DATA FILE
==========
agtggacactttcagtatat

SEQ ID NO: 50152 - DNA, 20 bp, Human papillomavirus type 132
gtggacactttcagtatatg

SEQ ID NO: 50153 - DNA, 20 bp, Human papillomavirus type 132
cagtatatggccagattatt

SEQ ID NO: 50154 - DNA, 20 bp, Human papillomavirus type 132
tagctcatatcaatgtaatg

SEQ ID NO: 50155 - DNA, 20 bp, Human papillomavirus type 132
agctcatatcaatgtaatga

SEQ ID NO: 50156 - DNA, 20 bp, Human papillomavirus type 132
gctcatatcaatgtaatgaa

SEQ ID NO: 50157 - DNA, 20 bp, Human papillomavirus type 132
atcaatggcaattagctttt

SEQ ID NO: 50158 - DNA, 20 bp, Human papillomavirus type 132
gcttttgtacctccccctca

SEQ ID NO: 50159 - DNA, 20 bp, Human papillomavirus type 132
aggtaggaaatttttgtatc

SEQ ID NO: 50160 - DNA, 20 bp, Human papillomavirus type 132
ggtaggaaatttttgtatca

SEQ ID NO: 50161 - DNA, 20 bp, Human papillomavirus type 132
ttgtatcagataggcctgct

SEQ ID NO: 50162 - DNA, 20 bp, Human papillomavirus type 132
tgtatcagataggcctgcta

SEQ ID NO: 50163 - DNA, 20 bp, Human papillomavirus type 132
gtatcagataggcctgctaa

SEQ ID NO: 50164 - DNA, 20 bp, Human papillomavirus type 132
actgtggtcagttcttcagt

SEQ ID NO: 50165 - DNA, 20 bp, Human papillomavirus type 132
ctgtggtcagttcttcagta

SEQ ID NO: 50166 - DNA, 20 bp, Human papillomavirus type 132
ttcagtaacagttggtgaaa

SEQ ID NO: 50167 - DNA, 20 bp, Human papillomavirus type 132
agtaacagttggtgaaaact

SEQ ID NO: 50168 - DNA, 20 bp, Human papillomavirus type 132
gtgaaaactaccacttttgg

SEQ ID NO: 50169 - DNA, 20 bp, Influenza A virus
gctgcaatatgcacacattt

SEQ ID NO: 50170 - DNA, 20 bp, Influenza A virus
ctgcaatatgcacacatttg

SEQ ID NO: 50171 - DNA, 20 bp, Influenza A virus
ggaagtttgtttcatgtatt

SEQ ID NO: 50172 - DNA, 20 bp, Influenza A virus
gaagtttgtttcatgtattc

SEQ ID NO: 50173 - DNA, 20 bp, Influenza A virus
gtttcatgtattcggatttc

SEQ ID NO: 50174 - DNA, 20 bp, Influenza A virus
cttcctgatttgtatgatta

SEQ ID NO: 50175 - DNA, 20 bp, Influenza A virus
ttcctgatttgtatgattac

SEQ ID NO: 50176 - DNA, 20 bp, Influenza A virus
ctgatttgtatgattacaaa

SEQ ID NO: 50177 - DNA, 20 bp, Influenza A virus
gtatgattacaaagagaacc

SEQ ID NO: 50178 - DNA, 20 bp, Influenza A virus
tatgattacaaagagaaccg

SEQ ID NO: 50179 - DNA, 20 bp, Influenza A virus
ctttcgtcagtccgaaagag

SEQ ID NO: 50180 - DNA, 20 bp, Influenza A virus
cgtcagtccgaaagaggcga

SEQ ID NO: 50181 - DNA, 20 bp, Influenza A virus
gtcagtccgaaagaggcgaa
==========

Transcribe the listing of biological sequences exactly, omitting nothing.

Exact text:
agtggacactttcagtatat

SEQ ID NO: 50152 - DNA, 20 bp, Human papillomavirus type 132
gtggacactttcagtatatg

SEQ ID NO: 50153 - DNA, 20 bp, Human papillomavirus type 132
cagtatatggccagattatt

SEQ ID NO: 50154 - DNA, 20 bp, Human papillomavirus type 132
tagctcatatcaatgtaatg

SEQ ID NO: 50155 - DNA, 20 bp, Human papillomavirus type 132
agctcatatcaatgtaatga

SEQ ID NO: 50156 - DNA, 20 bp, Human papillomavirus type 132
gctcatatcaatgtaatgaa

SEQ ID NO: 50157 - DNA, 20 bp, Human papillomavirus type 132
atcaatggcaattagctttt

SEQ ID NO: 50158 - DNA, 20 bp, Human papillomavirus type 132
gcttttgtacctccccctca

SEQ ID NO: 50159 - DNA, 20 bp, Human papillomavirus type 132
aggtaggaaatttttgtatc

SEQ ID NO: 50160 - DNA, 20 bp, Human papillomavirus type 132
ggtaggaaatttttgtatca

SEQ ID NO: 50161 - DNA, 20 bp, Human papillomavirus type 132
ttgtatcagataggcctgct

SEQ ID NO: 50162 - DNA, 20 bp, Human papillomavirus type 132
tgtatcagataggcctgcta

SEQ ID NO: 50163 - DNA, 20 bp, Human papillomavirus type 132
gtatcagataggcctgctaa

SEQ ID NO: 50164 - DNA, 20 bp, Human papillomavirus type 132
actgtggtcagttcttcagt

SEQ ID NO: 50165 - DNA, 20 bp, Human papillomavirus type 132
ctgtggtcagttcttcagta

SEQ ID NO: 50166 - DNA, 20 bp, Human papillomavirus type 132
ttcagtaacagttggtgaaa

SEQ ID NO: 50167 - DNA, 20 bp, Human papillomavirus type 132
agtaacagttggtgaaaact

SEQ ID NO: 50168 - DNA, 20 bp, Human papillomavirus type 132
gtgaaaactaccacttttgg

SEQ ID NO: 50169 - DNA, 20 bp, Influenza A virus
gctgcaatatgcacacattt

SEQ ID NO: 50170 - DNA, 20 bp, Influenza A virus
ctgcaatatgcacacatttg

SEQ ID NO: 50171 - DNA, 20 bp, Influenza A virus
ggaagtttgtttcatgtatt

SEQ ID NO: 50172 - DNA, 20 bp, Influenza A virus
gaagtttgtttcatgtattc

SEQ ID NO: 50173 - DNA, 20 bp, Influenza A virus
gtttcatgtattcggatttc

SEQ ID NO: 50174 - DNA, 20 bp, Influenza A virus
cttcctgatttgtatgatta

SEQ ID NO: 50175 - DNA, 20 bp, Influenza A virus
ttcctgatttgtatgattac

SEQ ID NO: 50176 - DNA, 20 bp, Influenza A virus
ctgatttgtatgattacaaa

SEQ ID NO: 50177 - DNA, 20 bp, Influenza A virus
gtatgattacaaagagaacc

SEQ ID NO: 50178 - DNA, 20 bp, Influenza A virus
tatgattacaaagagaaccg

SEQ ID NO: 50179 - DNA, 20 bp, Influenza A virus
ctttcgtcagtccgaaagag

SEQ ID NO: 50180 - DNA, 20 bp, Influenza A virus
cgtcagtccgaaagaggcga

SEQ ID NO: 50181 - DNA, 20 bp, Influenza A virus
gtcagtccgaaagaggcgaa